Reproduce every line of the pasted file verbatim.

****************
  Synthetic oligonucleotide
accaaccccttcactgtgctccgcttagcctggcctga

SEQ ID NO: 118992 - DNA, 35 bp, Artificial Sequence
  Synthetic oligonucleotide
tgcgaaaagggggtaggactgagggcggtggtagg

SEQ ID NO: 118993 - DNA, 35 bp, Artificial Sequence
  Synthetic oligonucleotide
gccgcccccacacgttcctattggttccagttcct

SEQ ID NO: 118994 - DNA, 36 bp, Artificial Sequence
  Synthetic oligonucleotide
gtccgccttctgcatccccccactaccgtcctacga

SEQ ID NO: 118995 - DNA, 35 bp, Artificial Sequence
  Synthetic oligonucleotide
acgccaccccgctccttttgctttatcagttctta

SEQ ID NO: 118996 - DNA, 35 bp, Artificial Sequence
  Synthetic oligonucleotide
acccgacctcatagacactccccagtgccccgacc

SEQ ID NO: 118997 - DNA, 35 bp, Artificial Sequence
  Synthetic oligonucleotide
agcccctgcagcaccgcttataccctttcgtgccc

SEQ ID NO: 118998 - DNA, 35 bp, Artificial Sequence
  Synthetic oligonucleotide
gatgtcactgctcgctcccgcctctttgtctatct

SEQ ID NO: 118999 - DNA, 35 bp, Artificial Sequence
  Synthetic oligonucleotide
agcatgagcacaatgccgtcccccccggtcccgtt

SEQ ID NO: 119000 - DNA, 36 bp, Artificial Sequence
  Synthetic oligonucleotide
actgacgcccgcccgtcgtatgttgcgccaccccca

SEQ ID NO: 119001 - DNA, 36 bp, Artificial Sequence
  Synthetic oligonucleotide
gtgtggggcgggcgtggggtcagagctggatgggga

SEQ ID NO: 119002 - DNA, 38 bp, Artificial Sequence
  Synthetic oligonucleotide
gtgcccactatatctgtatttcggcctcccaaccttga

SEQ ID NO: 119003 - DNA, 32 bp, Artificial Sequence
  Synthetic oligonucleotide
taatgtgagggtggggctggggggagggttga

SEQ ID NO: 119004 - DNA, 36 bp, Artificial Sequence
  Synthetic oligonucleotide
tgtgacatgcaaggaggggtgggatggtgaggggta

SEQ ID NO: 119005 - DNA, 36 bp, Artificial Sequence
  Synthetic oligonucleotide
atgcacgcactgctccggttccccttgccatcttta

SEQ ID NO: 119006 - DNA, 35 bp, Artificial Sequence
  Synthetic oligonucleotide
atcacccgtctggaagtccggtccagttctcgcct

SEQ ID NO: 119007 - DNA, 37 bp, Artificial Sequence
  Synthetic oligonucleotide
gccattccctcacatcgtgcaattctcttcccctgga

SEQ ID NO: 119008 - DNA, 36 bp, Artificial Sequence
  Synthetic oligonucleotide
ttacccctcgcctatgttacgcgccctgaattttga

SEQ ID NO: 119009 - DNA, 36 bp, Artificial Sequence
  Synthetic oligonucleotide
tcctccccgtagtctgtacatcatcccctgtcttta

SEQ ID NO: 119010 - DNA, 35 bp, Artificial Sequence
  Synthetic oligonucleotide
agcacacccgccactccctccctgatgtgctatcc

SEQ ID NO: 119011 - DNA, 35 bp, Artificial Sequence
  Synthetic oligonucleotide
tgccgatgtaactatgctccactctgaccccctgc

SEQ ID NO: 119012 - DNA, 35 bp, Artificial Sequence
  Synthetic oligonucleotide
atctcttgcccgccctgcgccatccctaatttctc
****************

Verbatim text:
  Synthetic oligonucleotide
accaaccccttcactgtgctccgcttagcctggcctga

SEQ ID NO: 118992 - DNA, 35 bp, Artificial Sequence
  Synthetic oligonucleotide
tgcgaaaagggggtaggactgagggcggtggtagg

SEQ ID NO: 118993 - DNA, 35 bp, Artificial Sequence
  Synthetic oligonucleotide
gccgcccccacacgttcctattggttccagttcct

SEQ ID NO: 118994 - DNA, 36 bp, Artificial Sequence
  Synthetic oligonucleotide
gtccgccttctgcatccccccactaccgtcctacga

SEQ ID NO: 118995 - DNA, 35 bp, Artificial Sequence
  Synthetic oligonucleotide
acgccaccccgctccttttgctttatcagttctta

SEQ ID NO: 118996 - DNA, 35 bp, Artificial Sequence
  Synthetic oligonucleotide
acccgacctcatagacactccccagtgccccgacc

SEQ ID NO: 118997 - DNA, 35 bp, Artificial Sequence
  Synthetic oligonucleotide
agcccctgcagcaccgcttataccctttcgtgccc

SEQ ID NO: 118998 - DNA, 35 bp, Artificial Sequence
  Synthetic oligonucleotide
gatgtcactgctcgctcccgcctctttgtctatct

SEQ ID NO: 118999 - DNA, 35 bp, Artificial Sequence
  Synthetic oligonucleotide
agcatgagcacaatgccgtcccccccggtcccgtt

SEQ ID NO: 119000 - DNA, 36 bp, Artificial Sequence
  Synthetic oligonucleotide
actgacgcccgcccgtcgtatgttgcgccaccccca

SEQ ID NO: 119001 - DNA, 36 bp, Artificial Sequence
  Synthetic oligonucleotide
gtgtggggcgggcgtggggtcagagctggatgggga

SEQ ID NO: 119002 - DNA, 38 bp, Artificial Sequence
  Synthetic oligonucleotide
gtgcccactatatctgtatttcggcctcccaaccttga

SEQ ID NO: 119003 - DNA, 32 bp, Artificial Sequence
  Synthetic oligonucleotide
taatgtgagggtggggctggggggagggttga

SEQ ID NO: 119004 - DNA, 36 bp, Artificial Sequence
  Synthetic oligonucleotide
tgtgacatgcaaggaggggtgggatggtgaggggta

SEQ ID NO: 119005 - DNA, 36 bp, Artificial Sequence
  Synthetic oligonucleotide
atgcacgcactgctccggttccccttgccatcttta

SEQ ID NO: 119006 - DNA, 35 bp, Artificial Sequence
  Synthetic oligonucleotide
atcacccgtctggaagtccggtccagttctcgcct

SEQ ID NO: 119007 - DNA, 37 bp, Artificial Sequence
  Synthetic oligonucleotide
gccattccctcacatcgtgcaattctcttcccctgga

SEQ ID NO: 119008 - DNA, 36 bp, Artificial Sequence
  Synthetic oligonucleotide
ttacccctcgcctatgttacgcgccctgaattttga

SEQ ID NO: 119009 - DNA, 36 bp, Artificial Sequence
  Synthetic oligonucleotide
tcctccccgtagtctgtacatcatcccctgtcttta

SEQ ID NO: 119010 - DNA, 35 bp, Artificial Sequence
  Synthetic oligonucleotide
agcacacccgccactccctccctgatgtgctatcc

SEQ ID NO: 119011 - DNA, 35 bp, Artificial Sequence
  Synthetic oligonucleotide
tgccgatgtaactatgctccactctgaccccctgc

SEQ ID NO: 119012 - DNA, 35 bp, Artificial Sequence
  Synthetic oligonucleotide
atctcttgcccgccctgcgccatccctaatttctc